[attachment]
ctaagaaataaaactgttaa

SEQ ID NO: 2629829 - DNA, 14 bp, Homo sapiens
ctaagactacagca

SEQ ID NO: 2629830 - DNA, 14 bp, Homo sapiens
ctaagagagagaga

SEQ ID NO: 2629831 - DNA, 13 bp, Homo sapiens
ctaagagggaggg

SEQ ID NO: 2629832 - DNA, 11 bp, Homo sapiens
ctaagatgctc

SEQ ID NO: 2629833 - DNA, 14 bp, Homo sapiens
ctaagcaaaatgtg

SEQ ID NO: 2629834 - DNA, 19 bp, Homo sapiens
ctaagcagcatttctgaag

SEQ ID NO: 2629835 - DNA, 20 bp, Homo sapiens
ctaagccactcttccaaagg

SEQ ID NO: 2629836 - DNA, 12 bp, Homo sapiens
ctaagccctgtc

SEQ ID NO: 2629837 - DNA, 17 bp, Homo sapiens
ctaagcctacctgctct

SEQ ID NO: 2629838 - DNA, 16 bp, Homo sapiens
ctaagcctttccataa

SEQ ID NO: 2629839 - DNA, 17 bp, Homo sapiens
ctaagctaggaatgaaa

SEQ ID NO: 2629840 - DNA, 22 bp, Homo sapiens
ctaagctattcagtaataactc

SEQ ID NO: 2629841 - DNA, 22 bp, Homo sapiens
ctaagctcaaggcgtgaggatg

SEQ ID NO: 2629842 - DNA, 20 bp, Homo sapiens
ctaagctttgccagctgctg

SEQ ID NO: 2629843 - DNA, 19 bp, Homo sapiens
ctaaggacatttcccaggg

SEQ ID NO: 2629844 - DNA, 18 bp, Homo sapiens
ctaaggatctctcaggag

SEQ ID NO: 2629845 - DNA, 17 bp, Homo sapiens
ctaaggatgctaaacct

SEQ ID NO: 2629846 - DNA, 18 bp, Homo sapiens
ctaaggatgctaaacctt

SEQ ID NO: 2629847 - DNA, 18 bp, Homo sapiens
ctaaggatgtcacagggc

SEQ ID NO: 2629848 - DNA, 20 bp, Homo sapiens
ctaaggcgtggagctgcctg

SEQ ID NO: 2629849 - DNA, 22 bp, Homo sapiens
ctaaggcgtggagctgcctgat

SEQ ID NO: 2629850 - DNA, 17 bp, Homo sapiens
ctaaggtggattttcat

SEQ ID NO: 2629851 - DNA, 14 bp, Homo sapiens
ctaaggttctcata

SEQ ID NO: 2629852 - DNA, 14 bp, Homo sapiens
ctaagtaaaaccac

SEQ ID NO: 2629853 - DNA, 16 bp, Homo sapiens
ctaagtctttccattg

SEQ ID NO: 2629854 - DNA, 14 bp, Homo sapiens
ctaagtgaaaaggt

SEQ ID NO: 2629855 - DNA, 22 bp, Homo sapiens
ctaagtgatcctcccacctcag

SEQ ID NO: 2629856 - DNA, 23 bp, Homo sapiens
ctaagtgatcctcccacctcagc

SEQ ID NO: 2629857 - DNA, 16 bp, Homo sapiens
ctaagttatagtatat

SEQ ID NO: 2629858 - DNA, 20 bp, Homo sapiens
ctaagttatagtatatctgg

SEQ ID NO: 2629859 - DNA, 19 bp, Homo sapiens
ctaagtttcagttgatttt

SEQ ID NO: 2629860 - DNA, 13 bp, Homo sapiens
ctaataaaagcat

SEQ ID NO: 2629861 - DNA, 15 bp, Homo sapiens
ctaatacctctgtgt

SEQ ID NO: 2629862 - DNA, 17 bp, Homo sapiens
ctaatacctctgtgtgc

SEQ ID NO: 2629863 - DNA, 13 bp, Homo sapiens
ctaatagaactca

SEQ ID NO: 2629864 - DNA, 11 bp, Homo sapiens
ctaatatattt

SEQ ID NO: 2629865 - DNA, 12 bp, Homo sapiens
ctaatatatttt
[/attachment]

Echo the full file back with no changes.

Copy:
ctaagaaataaaactgttaa

SEQ ID NO: 2629829 - DNA, 14 bp, Homo sapiens
ctaagactacagca

SEQ ID NO: 2629830 - DNA, 14 bp, Homo sapiens
ctaagagagagaga

SEQ ID NO: 2629831 - DNA, 13 bp, Homo sapiens
ctaagagggaggg

SEQ ID NO: 2629832 - DNA, 11 bp, Homo sapiens
ctaagatgctc

SEQ ID NO: 2629833 - DNA, 14 bp, Homo sapiens
ctaagcaaaatgtg

SEQ ID NO: 2629834 - DNA, 19 bp, Homo sapiens
ctaagcagcatttctgaag

SEQ ID NO: 2629835 - DNA, 20 bp, Homo sapiens
ctaagccactcttccaaagg

SEQ ID NO: 2629836 - DNA, 12 bp, Homo sapiens
ctaagccctgtc

SEQ ID NO: 2629837 - DNA, 17 bp, Homo sapiens
ctaagcctacctgctct

SEQ ID NO: 2629838 - DNA, 16 bp, Homo sapiens
ctaagcctttccataa

SEQ ID NO: 2629839 - DNA, 17 bp, Homo sapiens
ctaagctaggaatgaaa

SEQ ID NO: 2629840 - DNA, 22 bp, Homo sapiens
ctaagctattcagtaataactc

SEQ ID NO: 2629841 - DNA, 22 bp, Homo sapiens
ctaagctcaaggcgtgaggatg

SEQ ID NO: 2629842 - DNA, 20 bp, Homo sapiens
ctaagctttgccagctgctg

SEQ ID NO: 2629843 - DNA, 19 bp, Homo sapiens
ctaaggacatttcccaggg

SEQ ID NO: 2629844 - DNA, 18 bp, Homo sapiens
ctaaggatctctcaggag

SEQ ID NO: 2629845 - DNA, 17 bp, Homo sapiens
ctaaggatgctaaacct

SEQ ID NO: 2629846 - DNA, 18 bp, Homo sapiens
ctaaggatgctaaacctt

SEQ ID NO: 2629847 - DNA, 18 bp, Homo sapiens
ctaaggatgtcacagggc

SEQ ID NO: 2629848 - DNA, 20 bp, Homo sapiens
ctaaggcgtggagctgcctg

SEQ ID NO: 2629849 - DNA, 22 bp, Homo sapiens
ctaaggcgtggagctgcctgat

SEQ ID NO: 2629850 - DNA, 17 bp, Homo sapiens
ctaaggtggattttcat

SEQ ID NO: 2629851 - DNA, 14 bp, Homo sapiens
ctaaggttctcata

SEQ ID NO: 2629852 - DNA, 14 bp, Homo sapiens
ctaagtaaaaccac

SEQ ID NO: 2629853 - DNA, 16 bp, Homo sapiens
ctaagtctttccattg

SEQ ID NO: 2629854 - DNA, 14 bp, Homo sapiens
ctaagtgaaaaggt

SEQ ID NO: 2629855 - DNA, 22 bp, Homo sapiens
ctaagtgatcctcccacctcag

SEQ ID NO: 2629856 - DNA, 23 bp, Homo sapiens
ctaagtgatcctcccacctcagc

SEQ ID NO: 2629857 - DNA, 16 bp, Homo sapiens
ctaagttatagtatat

SEQ ID NO: 2629858 - DNA, 20 bp, Homo sapiens
ctaagttatagtatatctgg

SEQ ID NO: 2629859 - DNA, 19 bp, Homo sapiens
ctaagtttcagttgatttt

SEQ ID NO: 2629860 - DNA, 13 bp, Homo sapiens
ctaataaaagcat

SEQ ID NO: 2629861 - DNA, 15 bp, Homo sapiens
ctaatacctctgtgt

SEQ ID NO: 2629862 - DNA, 17 bp, Homo sapiens
ctaatacctctgtgtgc

SEQ ID NO: 2629863 - DNA, 13 bp, Homo sapiens
ctaatagaactca

SEQ ID NO: 2629864 - DNA, 11 bp, Homo sapiens
ctaatatattt

SEQ ID NO: 2629865 - DNA, 12 bp, Homo sapiens
ctaatatatttt